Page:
• EGPA has some characteristic features that are very particular to this disease and knowledge of these helps in making the diagnosis. Lung infiltrates are common and usually have a fleeting and migratory pattern. They may be associated with significant hypoxia, or may cause little or no symptoms. The infiltrates initially can be confused with infection, congestive heart failure (although often are peripheral), or allergic pneumonitis. Polyneuropathies, in particular mononeuritis multiplex are very common in EGPA and can be rapidly progressive with devastating morbidity (e.g. motor loss) if not aggressively treated at the outset. In contrast, GN is not as frequent in EGPA as compared to granulomatosis with polyangiitis (GPA – former Wegener’s granulomatosis) or microscopic polyangiitis (MPA), and most patients have an indolent course without developing end-stage renal disease. Cardiac disease is a very important clinical manifestation to recognize as cardiomyopathy is the main predictor of mortality in EGPA.

  • The differential diagnosis of EGPA includes other systemic small vessel vasculitis such as GPA and MPA, upper and lower chronic respiratory infections, parasitic infections, hypereosinophilic syndromes (HES) and chronic eosinophilic pneumonia. Asthma and allergic rhinitis are not clinical manifestations of other systemic small vessel vasculitis. The distinction between EGPA and HES may be very difficult in patients without ENT involvement. ENT manifestations are not usually part of HES. There is a significant overlap of organ-system involvement in these two entities and they both typically present with peripheral and tissue eosinophilia.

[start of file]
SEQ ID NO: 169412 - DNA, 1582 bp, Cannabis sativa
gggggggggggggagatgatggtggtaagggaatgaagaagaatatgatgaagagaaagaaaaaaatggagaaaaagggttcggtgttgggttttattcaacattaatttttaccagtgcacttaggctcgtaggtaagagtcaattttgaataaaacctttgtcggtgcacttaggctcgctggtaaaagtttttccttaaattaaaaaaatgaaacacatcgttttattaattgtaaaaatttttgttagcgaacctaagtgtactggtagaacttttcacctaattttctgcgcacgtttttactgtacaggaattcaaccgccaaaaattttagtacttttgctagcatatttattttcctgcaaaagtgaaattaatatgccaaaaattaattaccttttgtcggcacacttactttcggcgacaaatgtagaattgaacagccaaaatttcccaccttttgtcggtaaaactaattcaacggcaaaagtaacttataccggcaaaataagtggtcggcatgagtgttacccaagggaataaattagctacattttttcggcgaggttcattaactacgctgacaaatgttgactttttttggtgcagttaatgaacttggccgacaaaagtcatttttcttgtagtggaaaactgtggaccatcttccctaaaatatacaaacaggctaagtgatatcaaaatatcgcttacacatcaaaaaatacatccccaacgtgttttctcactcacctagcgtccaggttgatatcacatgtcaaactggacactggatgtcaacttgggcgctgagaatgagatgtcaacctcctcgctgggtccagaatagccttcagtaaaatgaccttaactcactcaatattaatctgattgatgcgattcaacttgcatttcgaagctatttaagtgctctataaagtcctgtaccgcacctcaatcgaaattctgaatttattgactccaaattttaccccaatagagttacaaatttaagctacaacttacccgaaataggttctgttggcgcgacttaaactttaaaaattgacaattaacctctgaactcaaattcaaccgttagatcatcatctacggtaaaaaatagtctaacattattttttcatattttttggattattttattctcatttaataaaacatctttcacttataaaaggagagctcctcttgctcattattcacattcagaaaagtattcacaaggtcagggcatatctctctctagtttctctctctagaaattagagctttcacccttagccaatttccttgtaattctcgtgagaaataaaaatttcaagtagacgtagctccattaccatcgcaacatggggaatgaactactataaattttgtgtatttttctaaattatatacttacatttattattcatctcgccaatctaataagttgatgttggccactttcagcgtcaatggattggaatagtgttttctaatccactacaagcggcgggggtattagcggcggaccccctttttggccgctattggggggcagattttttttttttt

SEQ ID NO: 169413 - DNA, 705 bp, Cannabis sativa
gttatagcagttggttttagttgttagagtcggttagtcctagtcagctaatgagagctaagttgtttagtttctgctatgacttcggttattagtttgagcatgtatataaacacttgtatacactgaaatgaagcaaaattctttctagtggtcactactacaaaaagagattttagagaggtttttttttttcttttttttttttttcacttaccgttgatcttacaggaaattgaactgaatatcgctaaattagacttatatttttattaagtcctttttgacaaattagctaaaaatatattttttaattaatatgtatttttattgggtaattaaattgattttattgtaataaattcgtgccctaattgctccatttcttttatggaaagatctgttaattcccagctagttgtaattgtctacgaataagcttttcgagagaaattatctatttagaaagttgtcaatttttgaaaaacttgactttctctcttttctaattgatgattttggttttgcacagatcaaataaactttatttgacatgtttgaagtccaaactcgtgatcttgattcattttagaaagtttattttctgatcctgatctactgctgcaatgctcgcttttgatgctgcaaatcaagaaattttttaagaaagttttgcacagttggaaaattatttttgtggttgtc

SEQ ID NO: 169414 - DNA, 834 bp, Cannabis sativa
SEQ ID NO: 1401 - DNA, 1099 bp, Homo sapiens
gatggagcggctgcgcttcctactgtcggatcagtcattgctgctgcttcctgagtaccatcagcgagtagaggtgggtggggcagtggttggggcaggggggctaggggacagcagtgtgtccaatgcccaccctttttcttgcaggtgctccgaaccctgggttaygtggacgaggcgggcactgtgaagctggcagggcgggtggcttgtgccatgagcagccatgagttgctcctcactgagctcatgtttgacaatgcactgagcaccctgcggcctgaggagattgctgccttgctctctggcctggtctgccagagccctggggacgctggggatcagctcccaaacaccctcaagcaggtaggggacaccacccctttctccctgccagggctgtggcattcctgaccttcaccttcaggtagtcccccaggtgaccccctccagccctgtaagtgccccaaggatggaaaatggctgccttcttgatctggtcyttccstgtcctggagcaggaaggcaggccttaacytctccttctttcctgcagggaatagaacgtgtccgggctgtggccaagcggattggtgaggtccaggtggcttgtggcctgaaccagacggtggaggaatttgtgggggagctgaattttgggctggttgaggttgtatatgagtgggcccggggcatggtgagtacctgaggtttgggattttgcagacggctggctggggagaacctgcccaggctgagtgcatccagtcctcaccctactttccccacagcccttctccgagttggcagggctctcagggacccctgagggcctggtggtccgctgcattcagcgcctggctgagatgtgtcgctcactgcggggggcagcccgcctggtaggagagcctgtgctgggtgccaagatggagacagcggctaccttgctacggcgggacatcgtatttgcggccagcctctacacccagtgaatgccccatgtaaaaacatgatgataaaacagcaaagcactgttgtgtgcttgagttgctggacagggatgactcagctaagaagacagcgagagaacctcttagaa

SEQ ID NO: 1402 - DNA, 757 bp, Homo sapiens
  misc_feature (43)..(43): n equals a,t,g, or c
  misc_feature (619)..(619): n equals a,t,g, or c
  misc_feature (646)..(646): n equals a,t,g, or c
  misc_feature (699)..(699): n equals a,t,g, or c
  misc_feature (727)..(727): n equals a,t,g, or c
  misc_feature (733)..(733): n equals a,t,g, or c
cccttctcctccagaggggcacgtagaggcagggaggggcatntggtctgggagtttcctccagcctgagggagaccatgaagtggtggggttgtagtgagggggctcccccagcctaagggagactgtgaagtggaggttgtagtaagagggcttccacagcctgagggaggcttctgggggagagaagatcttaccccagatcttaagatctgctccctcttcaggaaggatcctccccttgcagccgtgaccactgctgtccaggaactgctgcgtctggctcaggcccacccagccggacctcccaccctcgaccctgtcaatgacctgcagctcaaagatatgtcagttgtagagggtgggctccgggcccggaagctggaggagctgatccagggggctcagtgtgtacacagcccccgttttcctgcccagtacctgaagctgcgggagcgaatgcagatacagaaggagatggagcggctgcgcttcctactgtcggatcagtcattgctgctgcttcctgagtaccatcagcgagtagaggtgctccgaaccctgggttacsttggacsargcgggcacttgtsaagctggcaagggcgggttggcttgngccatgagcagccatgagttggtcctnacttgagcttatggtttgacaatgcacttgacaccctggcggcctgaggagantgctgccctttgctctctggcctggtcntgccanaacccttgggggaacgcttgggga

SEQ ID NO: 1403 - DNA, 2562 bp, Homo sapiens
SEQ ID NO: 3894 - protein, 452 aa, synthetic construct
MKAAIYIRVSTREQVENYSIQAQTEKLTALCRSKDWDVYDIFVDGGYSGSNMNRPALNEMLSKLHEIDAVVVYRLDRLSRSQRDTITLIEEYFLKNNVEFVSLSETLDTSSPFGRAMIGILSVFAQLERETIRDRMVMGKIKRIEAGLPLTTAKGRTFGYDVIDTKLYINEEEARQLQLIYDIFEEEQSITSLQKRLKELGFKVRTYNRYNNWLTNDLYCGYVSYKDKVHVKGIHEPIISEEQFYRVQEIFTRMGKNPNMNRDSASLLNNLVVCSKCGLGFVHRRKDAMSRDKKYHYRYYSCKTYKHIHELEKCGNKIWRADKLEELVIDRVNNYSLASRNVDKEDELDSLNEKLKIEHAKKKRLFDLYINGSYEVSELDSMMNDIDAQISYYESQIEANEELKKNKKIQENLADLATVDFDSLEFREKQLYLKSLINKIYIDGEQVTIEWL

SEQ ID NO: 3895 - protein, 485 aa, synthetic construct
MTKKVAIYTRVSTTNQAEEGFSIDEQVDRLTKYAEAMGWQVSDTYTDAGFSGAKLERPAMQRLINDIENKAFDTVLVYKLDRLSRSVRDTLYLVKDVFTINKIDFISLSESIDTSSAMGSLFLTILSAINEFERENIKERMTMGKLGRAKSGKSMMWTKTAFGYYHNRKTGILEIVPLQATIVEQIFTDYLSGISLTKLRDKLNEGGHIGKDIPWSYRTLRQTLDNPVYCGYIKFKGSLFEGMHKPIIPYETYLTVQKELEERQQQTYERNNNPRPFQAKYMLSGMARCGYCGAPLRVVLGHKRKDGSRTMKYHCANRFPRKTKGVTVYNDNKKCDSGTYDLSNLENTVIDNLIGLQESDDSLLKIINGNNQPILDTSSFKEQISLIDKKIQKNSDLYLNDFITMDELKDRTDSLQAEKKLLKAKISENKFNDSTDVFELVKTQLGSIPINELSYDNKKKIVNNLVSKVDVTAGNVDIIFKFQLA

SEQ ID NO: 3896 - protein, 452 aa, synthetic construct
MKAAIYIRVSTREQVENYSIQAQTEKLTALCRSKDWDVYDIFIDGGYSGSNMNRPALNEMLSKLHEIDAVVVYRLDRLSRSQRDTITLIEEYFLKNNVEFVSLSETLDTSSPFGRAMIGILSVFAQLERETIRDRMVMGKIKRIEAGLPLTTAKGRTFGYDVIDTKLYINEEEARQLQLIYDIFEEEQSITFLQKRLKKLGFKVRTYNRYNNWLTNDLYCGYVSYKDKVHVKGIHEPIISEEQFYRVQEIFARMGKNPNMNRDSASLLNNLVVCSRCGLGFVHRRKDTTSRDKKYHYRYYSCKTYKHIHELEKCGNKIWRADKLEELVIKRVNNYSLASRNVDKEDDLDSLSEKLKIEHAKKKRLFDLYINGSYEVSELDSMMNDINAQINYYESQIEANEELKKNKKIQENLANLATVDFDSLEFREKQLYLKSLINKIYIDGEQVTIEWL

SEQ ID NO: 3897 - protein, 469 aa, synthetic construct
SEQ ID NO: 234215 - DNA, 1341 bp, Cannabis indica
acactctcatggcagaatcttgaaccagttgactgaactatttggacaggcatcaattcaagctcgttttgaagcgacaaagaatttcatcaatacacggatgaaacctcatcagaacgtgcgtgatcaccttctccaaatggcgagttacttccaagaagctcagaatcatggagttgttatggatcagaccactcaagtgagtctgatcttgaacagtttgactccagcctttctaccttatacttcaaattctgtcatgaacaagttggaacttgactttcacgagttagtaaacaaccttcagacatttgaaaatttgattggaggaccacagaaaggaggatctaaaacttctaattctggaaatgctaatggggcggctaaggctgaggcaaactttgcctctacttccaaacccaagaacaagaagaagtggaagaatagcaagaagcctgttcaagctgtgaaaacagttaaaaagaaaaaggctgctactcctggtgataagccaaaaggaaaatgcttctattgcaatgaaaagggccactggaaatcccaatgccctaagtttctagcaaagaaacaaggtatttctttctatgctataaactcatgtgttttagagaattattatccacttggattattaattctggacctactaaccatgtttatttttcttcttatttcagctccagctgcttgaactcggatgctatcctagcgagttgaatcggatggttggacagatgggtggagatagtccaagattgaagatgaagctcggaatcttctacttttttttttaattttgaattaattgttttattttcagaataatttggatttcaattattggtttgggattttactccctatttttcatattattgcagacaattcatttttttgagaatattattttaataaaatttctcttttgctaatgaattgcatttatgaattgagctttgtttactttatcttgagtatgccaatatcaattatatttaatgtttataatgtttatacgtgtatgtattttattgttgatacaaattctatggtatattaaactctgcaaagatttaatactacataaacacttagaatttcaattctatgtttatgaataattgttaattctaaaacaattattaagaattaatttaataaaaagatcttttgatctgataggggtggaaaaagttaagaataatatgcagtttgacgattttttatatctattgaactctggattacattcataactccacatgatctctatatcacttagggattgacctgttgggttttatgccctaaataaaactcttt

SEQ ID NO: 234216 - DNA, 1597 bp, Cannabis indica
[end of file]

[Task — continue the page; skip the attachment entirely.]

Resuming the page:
What tests to perform?

  • Laboratory tests may show anemia, leukocytosis thrombocytosis, an elevated erythrocyte sedimentation rate and/or C-reactive protein but these are all non-specific findings. A high eosinophil count is expected in all patients, however it may be absent as a result of corticosteroid (CS) therapy for the asthma. It may be helpful to obtain test results from before CS treatment. The antineutrophil cytoplasmic antibodies (ANCA) occur in only 30% to 40% of patients, and thus are not critically important for diagnosis. The main antigen is myeloperoxidase (MPO-ANCA) and its presence may be associated with certain clinical features more than others. Laboratory tests, in particular the complete blood cell count, are important in monitoring cytotoxic therapy. Alveolar hemorrhage may present without hemoptysis and thus when suspected, hemoglobin/hematocrit should be closely monitored. These patients can rapidly deteriorate due to recurrent alveolar bleeding before the appearance of hemoptysis.